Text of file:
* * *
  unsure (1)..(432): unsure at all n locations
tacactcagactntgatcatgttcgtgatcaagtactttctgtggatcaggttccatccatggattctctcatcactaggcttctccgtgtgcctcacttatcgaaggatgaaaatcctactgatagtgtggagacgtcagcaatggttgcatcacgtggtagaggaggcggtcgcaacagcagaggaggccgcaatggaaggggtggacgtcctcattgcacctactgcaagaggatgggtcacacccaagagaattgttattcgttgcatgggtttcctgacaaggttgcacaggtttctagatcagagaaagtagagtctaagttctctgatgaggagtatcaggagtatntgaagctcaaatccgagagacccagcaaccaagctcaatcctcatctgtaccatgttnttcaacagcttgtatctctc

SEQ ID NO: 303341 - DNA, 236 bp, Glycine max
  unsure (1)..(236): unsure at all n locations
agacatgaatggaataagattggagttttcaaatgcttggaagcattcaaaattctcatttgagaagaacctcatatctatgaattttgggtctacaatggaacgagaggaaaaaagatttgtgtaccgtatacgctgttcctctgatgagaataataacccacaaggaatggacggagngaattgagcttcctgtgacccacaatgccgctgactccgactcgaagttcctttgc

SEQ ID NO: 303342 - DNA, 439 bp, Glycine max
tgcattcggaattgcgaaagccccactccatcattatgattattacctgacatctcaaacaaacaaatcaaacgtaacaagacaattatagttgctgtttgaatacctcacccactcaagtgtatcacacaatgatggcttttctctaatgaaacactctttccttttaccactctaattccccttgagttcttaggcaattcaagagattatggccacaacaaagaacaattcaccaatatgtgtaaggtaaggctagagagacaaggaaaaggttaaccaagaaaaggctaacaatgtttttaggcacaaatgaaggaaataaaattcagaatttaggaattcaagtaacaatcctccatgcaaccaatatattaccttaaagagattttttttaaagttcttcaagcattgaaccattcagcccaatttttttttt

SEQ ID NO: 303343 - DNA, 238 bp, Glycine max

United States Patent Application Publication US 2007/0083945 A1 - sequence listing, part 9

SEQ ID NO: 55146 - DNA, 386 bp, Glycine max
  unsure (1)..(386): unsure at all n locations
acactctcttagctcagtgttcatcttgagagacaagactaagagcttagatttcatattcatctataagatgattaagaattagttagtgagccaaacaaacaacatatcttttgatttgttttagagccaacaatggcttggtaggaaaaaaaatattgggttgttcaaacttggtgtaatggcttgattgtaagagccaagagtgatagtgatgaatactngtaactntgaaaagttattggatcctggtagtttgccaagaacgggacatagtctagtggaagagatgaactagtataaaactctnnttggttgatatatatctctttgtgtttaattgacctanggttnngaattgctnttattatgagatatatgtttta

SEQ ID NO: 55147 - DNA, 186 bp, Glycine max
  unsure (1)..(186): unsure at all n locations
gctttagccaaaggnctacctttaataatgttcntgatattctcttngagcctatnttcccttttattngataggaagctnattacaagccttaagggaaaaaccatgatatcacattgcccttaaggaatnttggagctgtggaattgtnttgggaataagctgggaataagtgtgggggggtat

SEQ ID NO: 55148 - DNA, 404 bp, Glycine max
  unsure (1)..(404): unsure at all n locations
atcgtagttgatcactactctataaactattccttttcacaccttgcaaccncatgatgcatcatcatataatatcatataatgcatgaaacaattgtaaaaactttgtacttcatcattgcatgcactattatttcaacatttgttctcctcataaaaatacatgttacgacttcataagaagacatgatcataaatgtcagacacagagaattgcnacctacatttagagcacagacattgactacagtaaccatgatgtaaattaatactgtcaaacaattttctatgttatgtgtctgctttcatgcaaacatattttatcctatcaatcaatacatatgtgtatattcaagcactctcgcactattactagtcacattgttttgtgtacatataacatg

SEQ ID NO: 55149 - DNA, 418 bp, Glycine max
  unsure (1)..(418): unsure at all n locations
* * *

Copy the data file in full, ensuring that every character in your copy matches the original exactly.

  unsure (1)..(432): unsure at all n locations
tacactcagactntgatcatgttcgtgatcaagtactttctgtggatcaggttccatccatggattctctcatcactaggcttctccgtgtgcctcacttatcgaaggatgaaaatcctactgatagtgtggagacgtcagcaatggttgcatcacgtggtagaggaggcggtcgcaacagcagaggaggccgcaatggaaggggtggacgtcctcattgcacctactgcaagaggatgggtcacacccaagagaattgttattcgttgcatgggtttcctgacaaggttgcacaggtttctagatcagagaaagtagagtctaagttctctgatgaggagtatcaggagtatntgaagctcaaatccgagagacccagcaaccaagctcaatcctcatctgtaccatgttnttcaacagcttgtatctctc

SEQ ID NO: 303341 - DNA, 236 bp, Glycine max
  unsure (1)..(236): unsure at all n locations
agacatgaatggaataagattggagttttcaaatgcttggaagcattcaaaattctcatttgagaagaacctcatatctatgaattttgggtctacaatggaacgagaggaaaaaagatttgtgtaccgtatacgctgttcctctgatgagaataataacccacaaggaatggacggagngaattgagcttcctgtgacccacaatgccgctgactccgactcgaagttcctttgc

SEQ ID NO: 303342 - DNA, 439 bp, Glycine max
tgcattcggaattgcgaaagccccactccatcattatgattattacctgacatctcaaacaaacaaatcaaacgtaacaagacaattatagttgctgtttgaatacctcacccactcaagtgtatcacacaatgatggcttttctctaatgaaacactctttccttttaccactctaattccccttgagttcttaggcaattcaagagattatggccacaacaaagaacaattcaccaatatgtgtaaggtaaggctagagagacaaggaaaaggttaaccaagaaaaggctaacaatgtttttaggcacaaatgaaggaaataaaattcagaatttaggaattcaagtaacaatcctccatgcaaccaatatattaccttaaagagattttttttaaagttcttcaagcattgaaccattcagcccaatttttttttt

SEQ ID NO: 303343 - DNA, 238 bp, Glycine max

United States Patent Application Publication US 2007/0083945 A1 - sequence listing, part 9

SEQ ID NO: 55146 - DNA, 386 bp, Glycine max
  unsure (1)..(386): unsure at all n locations
acactctcttagctcagtgttcatcttgagagacaagactaagagcttagatttcatattcatctataagatgattaagaattagttagtgagccaaacaaacaacatatcttttgatttgttttagagccaacaatggcttggtaggaaaaaaaatattgggttgttcaaacttggtgtaatggcttgattgtaagagccaagagtgatagtgatgaatactngtaactntgaaaagttattggatcctggtagtttgccaagaacgggacatagtctagtggaagagatgaactagtataaaactctnnttggttgatatatatctctttgtgtttaattgacctanggttnngaattgctnttattatgagatatatgtttta

SEQ ID NO: 55147 - DNA, 186 bp, Glycine max
  unsure (1)..(186): unsure at all n locations
gctttagccaaaggnctacctttaataatgttcntgatattctcttngagcctatnttcccttttattngataggaagctnattacaagccttaagggaaaaaccatgatatcacattgcccttaaggaatnttggagctgtggaattgtnttgggaataagctgggaataagtgtgggggggtat

SEQ ID NO: 55148 - DNA, 404 bp, Glycine max
  unsure (1)..(404): unsure at all n locations
atcgtagttgatcactactctataaactattccttttcacaccttgcaaccncatgatgcatcatcatataatatcatataatgcatgaaacaattgtaaaaactttgtacttcatcattgcatgcactattatttcaacatttgttctcctcataaaaatacatgttacgacttcataagaagacatgatcataaatgtcagacacagagaattgcnacctacatttagagcacagacattgactacagtaaccatgatgtaaattaatactgtcaaacaattttctatgttatgtgtctgctttcatgcaaacatattttatcctatcaatcaatacatatgtgtatattcaagcactctcgcactattactagtcacattgttttgtgtacatataacatg

SEQ ID NO: 55149 - DNA, 418 bp, Glycine max
  unsure (1)..(418): unsure at all n locations